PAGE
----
Unreported Wire Strikes
At least 40 percent of aircraft wire strikes in Australia have gone unreported in recent years, according to a report by the Australian Transport Safety Bureau (ATSB).
The ATSB based its conclusion on surveys of commercial electricity distribution and transmission companies, all of which were asked to provide data on all known wire strikes involving their wires between July 2003 and June 2011. The ATSB also requested information from a telecommunications company, which did not have a central data center for wire strike information and therefore did not participate.
During the eight-year period, pilots or operators had reported 166 wire strikes to the ATSB. Of these, about half involved crop spraying, and 17 percent involved aircraft engaged in aerial stock mustering, fire control, surveying and photography — all operations that typically are conducted at low altitudes.
Information from electricity distribution and transmission companies indicated that an additional 101 wire strikes had not previously been reported to the ATSB.
The ATSB urged pilots and operators to report all future wire strikes “so that they can be investigated, if required, and so that occurrence details can be collected for research purposes to identify emerging safety trends.
“Information reported to the ATSB increases our understanding of wire strikes, the trends, as well as how and why they happen. It is only with reported information that the ATSB can improve aviation safety by establishing the true extent of wire strikes and determining how and where they occur so that actions can be directed toward the most appropriate areas to reduce wire strikes.”
New requirements for Australian pilots to undergo training and checking exercises in simulators will lessen risks of accidents during training, the Civil Aviation Safety Authority (CASA) says.
The requirements, which will take effect April 1, 2013, call for conversion command training, as well as training and checking, for pilots of multi-engine airplanes with 10 to 19 passenger seats to be conducted in “an appropriate simulator, if one is available in Australia.”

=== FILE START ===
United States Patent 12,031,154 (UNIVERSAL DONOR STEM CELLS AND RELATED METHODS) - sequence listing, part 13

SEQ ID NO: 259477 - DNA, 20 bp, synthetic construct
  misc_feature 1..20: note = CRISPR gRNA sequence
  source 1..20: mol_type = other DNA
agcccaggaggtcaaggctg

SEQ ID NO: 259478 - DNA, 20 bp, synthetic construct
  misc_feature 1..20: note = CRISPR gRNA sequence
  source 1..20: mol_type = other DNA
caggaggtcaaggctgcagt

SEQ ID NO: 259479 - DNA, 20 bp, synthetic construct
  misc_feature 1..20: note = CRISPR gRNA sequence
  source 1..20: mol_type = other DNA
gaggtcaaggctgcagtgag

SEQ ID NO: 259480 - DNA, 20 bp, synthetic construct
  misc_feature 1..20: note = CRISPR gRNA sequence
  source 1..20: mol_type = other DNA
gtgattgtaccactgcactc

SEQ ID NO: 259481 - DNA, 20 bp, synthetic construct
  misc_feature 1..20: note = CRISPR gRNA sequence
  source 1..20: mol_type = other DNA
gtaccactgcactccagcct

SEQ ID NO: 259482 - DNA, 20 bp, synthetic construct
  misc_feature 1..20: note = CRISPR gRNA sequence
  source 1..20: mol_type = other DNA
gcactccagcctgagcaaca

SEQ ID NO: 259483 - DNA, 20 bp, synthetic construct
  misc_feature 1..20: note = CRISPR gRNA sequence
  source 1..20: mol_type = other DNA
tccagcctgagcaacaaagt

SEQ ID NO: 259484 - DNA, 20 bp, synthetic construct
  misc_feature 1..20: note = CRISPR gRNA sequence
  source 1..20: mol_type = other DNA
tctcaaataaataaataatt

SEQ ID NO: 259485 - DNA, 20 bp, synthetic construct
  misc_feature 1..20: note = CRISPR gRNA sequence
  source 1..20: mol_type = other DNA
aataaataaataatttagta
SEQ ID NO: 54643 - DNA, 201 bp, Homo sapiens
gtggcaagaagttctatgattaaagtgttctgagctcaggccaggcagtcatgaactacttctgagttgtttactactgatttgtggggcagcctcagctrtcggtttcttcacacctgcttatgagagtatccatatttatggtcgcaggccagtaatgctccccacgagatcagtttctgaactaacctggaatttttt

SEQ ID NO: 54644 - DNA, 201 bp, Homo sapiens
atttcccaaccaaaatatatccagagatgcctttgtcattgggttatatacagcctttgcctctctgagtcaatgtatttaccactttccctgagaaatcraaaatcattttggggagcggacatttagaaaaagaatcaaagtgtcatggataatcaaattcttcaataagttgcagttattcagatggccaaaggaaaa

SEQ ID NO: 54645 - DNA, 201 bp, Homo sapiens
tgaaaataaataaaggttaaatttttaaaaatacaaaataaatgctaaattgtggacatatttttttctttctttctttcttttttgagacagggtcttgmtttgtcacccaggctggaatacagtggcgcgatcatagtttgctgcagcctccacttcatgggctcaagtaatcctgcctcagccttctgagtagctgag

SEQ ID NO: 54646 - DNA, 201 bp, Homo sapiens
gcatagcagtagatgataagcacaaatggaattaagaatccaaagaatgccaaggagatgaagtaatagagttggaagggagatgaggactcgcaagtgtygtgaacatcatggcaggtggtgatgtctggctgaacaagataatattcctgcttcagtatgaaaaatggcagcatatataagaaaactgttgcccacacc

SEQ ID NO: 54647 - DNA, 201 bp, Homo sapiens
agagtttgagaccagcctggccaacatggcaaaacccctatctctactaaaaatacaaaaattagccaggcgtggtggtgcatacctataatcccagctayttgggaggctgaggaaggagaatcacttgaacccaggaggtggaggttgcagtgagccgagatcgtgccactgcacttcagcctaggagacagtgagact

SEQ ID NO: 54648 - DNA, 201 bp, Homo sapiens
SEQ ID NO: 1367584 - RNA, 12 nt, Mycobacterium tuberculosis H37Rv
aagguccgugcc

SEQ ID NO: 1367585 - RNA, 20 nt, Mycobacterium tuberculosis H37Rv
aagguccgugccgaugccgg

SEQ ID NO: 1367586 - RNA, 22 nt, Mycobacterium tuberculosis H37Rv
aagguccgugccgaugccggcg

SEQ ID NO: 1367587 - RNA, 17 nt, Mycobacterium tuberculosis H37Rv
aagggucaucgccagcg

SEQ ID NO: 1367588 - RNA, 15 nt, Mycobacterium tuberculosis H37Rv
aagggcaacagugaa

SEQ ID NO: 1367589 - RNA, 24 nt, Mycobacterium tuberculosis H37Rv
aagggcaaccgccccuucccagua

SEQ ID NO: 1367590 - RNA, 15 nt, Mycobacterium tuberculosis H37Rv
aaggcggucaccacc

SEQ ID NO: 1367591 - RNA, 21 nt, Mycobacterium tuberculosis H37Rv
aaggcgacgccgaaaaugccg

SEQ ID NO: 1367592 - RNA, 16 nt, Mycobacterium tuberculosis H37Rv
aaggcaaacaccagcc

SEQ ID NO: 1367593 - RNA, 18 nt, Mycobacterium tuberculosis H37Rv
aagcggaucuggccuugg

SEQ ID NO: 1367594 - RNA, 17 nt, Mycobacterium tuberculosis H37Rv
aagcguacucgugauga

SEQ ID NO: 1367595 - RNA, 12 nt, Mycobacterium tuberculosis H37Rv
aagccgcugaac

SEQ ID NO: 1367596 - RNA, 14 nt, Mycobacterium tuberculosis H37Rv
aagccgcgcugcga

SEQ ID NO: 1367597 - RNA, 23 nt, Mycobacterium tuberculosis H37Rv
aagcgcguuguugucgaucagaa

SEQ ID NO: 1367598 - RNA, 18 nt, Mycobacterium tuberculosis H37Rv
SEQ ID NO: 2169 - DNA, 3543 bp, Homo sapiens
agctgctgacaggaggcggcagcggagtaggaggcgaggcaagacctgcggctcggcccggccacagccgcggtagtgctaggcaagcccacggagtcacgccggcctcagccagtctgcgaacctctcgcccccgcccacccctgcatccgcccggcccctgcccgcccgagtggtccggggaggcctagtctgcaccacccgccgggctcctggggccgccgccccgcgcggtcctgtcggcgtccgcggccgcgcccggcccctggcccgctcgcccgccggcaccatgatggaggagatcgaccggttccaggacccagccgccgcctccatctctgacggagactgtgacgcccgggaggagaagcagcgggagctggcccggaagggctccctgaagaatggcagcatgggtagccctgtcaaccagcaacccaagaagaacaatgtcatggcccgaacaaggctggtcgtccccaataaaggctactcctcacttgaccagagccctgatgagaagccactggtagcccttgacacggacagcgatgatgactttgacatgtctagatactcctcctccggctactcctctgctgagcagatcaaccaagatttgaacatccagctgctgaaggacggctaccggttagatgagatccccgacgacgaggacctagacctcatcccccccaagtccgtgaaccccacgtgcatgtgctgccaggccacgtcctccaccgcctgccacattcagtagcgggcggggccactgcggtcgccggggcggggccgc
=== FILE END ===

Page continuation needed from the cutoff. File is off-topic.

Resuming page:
CASA says that pilots who are training to fly aircraft with at least 20 passenger seats must receive training in a simulator “if one is available in Australia or a recognized foreign state.”
The Transportation Safety Board of Canada (TSB) has issued its 2012 Watchlist of the most critical safety issues facing aviation and other transportation systems in Canada.
Of the nine critical issues on the list, four involve aviation.
One issue involves air safety management systems (SMS), which the TSB said should be addressed with effective monitoring of “the integration of SMS practices into day-to-day operations.”
The TSB also called for action to address landing accidents and runway overruns. The agency said pilots must receive timely information about runway surface conditions during bad weather, and called for longer runway-end safety areas or the installation of engineered material arresting systems to safely stop overruns.
In addition, the TSB cited the risk of runway collisions, calling for improved runway procedures and the use of enhanced collision warning systems at the country’s airports.
Finally, the agency cited collisions with land and water, which it said should be dealt with through improved non-precision approach procedures.
The Watchlist is the second to be issued by TSB. The original list, released in 2010, also cited the need to address runway collisions, collisions with terrain, landing accidents and runway overruns.
“The TSB found on some issues, there has been little or no change,” said TSB Chair Wendy Tadros. “Planes continue to run off our runways, or to collide with land and water.”